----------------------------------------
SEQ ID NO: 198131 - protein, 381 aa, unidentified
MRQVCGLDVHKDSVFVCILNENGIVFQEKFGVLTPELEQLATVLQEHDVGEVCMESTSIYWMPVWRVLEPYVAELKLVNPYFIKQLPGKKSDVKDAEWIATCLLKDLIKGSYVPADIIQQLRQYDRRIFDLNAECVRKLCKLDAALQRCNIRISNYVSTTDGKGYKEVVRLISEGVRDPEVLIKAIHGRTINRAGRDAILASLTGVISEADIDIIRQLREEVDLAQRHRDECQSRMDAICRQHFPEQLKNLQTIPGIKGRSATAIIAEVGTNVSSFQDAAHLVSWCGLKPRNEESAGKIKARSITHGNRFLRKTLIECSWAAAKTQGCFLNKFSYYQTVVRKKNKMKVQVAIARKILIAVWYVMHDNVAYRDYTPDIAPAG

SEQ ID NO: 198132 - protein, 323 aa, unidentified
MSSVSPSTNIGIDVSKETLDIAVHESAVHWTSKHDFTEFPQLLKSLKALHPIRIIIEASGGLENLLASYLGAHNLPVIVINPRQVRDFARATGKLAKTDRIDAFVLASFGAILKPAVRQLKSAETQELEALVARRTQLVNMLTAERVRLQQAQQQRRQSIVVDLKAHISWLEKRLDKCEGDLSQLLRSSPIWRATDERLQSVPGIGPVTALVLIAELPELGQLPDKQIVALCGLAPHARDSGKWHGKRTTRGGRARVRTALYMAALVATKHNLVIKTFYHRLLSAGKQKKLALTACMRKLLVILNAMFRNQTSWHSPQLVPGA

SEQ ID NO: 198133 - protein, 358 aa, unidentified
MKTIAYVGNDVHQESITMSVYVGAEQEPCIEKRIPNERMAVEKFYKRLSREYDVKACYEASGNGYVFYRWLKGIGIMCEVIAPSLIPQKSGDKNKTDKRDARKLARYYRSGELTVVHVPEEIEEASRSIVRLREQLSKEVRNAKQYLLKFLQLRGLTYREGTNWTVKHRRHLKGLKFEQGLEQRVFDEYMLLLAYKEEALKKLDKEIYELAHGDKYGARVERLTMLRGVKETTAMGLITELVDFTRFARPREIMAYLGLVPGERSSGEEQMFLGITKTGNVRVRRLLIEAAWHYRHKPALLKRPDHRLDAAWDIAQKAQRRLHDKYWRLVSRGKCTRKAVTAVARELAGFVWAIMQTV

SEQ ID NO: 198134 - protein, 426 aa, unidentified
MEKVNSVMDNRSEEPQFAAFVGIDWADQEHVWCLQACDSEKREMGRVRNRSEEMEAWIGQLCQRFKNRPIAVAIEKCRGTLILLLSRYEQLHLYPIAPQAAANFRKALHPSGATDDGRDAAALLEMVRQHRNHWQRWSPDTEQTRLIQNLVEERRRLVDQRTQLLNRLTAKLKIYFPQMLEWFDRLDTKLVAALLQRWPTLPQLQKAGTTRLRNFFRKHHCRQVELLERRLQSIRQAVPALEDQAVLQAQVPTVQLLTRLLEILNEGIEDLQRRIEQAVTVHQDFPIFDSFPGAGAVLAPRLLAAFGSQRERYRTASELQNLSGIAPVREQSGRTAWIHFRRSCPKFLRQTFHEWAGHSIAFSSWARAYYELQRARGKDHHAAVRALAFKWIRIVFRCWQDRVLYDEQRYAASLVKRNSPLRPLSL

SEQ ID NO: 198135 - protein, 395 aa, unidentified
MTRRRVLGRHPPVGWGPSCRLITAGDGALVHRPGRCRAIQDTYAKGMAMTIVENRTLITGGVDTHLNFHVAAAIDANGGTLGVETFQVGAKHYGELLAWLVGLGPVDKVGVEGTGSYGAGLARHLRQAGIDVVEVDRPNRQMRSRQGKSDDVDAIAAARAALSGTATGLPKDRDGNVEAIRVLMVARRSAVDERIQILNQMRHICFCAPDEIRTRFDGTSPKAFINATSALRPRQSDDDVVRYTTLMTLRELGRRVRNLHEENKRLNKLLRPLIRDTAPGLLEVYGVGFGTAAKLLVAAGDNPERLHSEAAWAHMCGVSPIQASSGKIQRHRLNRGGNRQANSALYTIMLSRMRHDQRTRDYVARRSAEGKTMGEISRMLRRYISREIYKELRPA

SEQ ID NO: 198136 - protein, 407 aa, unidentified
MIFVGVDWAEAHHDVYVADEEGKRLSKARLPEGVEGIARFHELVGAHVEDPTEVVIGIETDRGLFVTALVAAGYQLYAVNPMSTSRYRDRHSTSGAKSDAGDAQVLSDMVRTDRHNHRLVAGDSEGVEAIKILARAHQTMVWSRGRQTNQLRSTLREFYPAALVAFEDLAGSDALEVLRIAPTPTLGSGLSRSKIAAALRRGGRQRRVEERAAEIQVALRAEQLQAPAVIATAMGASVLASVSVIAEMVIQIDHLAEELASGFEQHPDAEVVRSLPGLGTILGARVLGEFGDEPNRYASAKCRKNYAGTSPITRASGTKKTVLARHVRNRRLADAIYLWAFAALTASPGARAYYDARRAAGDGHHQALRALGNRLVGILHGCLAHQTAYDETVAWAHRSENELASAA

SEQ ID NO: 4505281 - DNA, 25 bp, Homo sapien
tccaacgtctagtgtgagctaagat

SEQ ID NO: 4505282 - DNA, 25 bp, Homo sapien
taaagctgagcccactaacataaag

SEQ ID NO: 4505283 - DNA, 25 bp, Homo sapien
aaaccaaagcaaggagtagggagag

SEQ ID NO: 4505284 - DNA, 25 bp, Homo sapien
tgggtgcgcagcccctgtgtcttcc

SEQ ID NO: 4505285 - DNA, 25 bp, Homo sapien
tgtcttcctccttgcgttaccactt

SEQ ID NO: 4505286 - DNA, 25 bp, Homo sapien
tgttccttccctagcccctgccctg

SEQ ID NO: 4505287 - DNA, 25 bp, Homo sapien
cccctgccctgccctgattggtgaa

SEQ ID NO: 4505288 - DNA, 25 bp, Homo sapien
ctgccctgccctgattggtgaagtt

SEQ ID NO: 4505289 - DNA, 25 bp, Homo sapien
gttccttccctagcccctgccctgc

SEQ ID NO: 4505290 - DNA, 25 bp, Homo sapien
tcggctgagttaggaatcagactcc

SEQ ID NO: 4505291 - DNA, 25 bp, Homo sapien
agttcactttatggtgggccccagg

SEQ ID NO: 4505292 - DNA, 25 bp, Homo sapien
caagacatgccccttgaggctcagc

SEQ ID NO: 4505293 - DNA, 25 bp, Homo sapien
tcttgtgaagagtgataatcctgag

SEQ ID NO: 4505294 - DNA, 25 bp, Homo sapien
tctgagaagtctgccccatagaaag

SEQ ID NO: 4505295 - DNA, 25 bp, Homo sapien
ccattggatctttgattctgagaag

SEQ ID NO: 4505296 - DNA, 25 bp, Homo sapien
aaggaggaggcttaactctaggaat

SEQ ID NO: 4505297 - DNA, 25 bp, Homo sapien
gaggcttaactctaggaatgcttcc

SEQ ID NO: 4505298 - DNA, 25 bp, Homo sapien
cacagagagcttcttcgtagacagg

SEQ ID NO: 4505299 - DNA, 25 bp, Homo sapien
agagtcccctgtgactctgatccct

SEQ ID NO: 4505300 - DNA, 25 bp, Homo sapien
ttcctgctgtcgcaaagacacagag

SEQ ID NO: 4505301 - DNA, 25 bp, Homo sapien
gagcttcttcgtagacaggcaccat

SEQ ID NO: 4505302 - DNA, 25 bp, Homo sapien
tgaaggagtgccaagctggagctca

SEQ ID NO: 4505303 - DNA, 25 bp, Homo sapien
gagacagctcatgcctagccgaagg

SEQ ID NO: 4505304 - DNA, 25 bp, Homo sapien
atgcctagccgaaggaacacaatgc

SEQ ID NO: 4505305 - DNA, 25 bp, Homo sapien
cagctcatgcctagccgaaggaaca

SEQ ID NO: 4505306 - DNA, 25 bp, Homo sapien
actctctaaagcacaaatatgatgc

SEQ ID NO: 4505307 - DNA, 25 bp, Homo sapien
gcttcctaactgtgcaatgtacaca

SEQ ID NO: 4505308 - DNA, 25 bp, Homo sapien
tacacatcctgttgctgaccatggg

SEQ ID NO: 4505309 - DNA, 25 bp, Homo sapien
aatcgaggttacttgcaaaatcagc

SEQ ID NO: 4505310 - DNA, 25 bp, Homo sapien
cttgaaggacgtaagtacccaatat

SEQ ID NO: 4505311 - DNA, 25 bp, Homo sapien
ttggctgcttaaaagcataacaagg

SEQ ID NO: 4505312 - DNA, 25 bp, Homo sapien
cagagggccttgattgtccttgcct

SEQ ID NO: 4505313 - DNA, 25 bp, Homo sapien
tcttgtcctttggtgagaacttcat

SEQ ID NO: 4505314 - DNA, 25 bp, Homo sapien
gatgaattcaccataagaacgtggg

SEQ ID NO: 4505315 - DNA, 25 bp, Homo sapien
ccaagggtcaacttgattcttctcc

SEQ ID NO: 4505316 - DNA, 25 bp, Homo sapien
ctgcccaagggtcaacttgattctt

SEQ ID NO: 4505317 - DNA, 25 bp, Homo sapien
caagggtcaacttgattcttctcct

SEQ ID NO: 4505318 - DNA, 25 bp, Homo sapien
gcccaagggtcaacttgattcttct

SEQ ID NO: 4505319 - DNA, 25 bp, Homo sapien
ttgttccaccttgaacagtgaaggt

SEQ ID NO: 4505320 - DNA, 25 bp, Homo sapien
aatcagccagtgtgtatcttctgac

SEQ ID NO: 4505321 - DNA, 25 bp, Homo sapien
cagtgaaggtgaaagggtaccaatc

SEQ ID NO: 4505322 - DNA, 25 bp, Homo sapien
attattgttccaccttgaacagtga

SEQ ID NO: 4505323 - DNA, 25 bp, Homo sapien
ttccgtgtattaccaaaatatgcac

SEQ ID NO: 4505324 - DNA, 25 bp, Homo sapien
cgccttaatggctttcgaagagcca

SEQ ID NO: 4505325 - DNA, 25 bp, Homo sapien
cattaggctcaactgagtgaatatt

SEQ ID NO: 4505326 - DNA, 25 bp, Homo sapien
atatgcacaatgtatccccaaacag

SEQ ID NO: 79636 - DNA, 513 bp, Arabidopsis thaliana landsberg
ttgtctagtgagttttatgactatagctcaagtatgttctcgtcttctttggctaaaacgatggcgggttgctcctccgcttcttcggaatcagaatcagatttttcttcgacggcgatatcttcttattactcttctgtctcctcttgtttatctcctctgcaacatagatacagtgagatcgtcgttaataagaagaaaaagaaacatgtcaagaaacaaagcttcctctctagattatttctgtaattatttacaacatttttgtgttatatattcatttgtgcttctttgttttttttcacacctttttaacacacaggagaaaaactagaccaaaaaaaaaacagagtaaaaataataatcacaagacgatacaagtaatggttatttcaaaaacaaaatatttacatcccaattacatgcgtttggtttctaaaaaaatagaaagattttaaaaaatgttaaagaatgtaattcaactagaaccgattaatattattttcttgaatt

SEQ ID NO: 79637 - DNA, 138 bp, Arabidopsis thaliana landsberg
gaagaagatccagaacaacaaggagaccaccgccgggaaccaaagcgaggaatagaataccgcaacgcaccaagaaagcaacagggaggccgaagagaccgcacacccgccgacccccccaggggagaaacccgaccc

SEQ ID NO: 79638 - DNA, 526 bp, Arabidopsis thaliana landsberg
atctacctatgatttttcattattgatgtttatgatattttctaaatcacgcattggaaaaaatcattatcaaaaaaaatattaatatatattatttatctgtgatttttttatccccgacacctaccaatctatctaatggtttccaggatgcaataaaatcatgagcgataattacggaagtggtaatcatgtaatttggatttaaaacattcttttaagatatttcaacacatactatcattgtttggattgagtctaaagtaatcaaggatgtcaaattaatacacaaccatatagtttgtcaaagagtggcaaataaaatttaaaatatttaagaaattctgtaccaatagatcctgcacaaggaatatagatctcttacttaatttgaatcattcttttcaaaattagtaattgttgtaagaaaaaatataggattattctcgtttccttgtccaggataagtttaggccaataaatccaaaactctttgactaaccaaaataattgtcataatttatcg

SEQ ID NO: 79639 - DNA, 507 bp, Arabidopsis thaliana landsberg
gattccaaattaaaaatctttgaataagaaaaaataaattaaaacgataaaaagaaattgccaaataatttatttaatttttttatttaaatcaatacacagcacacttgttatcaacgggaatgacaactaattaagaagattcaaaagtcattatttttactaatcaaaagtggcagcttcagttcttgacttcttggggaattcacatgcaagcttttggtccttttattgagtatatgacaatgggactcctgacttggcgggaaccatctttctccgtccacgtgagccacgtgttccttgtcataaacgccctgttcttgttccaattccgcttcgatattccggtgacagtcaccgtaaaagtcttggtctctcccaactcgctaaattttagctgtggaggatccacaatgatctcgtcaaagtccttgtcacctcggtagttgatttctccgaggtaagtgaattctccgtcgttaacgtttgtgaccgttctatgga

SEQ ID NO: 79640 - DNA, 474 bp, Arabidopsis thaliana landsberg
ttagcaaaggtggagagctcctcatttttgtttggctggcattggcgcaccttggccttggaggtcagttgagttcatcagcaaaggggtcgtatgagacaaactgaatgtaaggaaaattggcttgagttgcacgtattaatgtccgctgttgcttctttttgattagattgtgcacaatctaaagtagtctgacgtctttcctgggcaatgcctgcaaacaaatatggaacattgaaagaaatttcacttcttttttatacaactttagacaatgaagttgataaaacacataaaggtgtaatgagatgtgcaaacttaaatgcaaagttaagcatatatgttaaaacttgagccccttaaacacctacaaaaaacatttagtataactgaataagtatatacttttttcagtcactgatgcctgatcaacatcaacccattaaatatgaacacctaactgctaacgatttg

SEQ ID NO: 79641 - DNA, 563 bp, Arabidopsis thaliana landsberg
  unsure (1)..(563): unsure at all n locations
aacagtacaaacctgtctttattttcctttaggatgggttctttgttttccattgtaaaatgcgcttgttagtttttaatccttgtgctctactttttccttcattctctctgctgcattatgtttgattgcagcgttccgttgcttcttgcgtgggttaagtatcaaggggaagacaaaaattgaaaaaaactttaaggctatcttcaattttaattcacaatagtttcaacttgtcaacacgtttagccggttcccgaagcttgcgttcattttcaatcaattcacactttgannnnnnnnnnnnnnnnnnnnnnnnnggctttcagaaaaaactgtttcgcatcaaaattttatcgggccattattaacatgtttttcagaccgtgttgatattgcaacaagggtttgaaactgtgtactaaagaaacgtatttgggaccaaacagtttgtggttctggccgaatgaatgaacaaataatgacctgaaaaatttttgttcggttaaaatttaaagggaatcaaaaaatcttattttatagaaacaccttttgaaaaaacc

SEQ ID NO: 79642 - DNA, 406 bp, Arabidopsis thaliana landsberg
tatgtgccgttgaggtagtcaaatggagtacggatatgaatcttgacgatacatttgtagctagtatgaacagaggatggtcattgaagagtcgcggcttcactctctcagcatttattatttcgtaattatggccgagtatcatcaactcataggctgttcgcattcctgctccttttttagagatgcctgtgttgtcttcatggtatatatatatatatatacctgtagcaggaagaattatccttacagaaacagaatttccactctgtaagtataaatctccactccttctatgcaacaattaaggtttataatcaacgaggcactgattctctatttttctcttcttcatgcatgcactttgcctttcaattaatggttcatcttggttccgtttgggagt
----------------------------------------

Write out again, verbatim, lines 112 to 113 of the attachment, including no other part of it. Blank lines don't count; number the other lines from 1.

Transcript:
gattccaaattaaaaatctttgaataagaaaaaataaattaaaacgataaaaagaaattgccaaataatttatttaatttttttatttaaatcaatacacagcacacttgttatcaacgggaatgacaactaattaagaagattcaaaagtcattatttttactaatcaaaagtggcagcttcagttcttgacttcttggggaattcacatgcaagcttttggtccttttattgagtatatgacaatgggactcctgacttggcgggaaccatctttctccgtccacgtgagccacgtgttccttgtcataaacgccctgttcttgttccaattccgcttcgatattccggtgacagtcaccgtaaaagtcttggtctctcccaactcgctaaattttagctgtggaggatccacaatgatctcgtcaaagtccttgtcacctcggtagttgatttctccgaggtaagtgaattctccgtcgttaacgtttgtgaccgttctatgga

SEQ ID NO: 79640 - DNA, 474 bp, Arabidopsis thaliana landsberg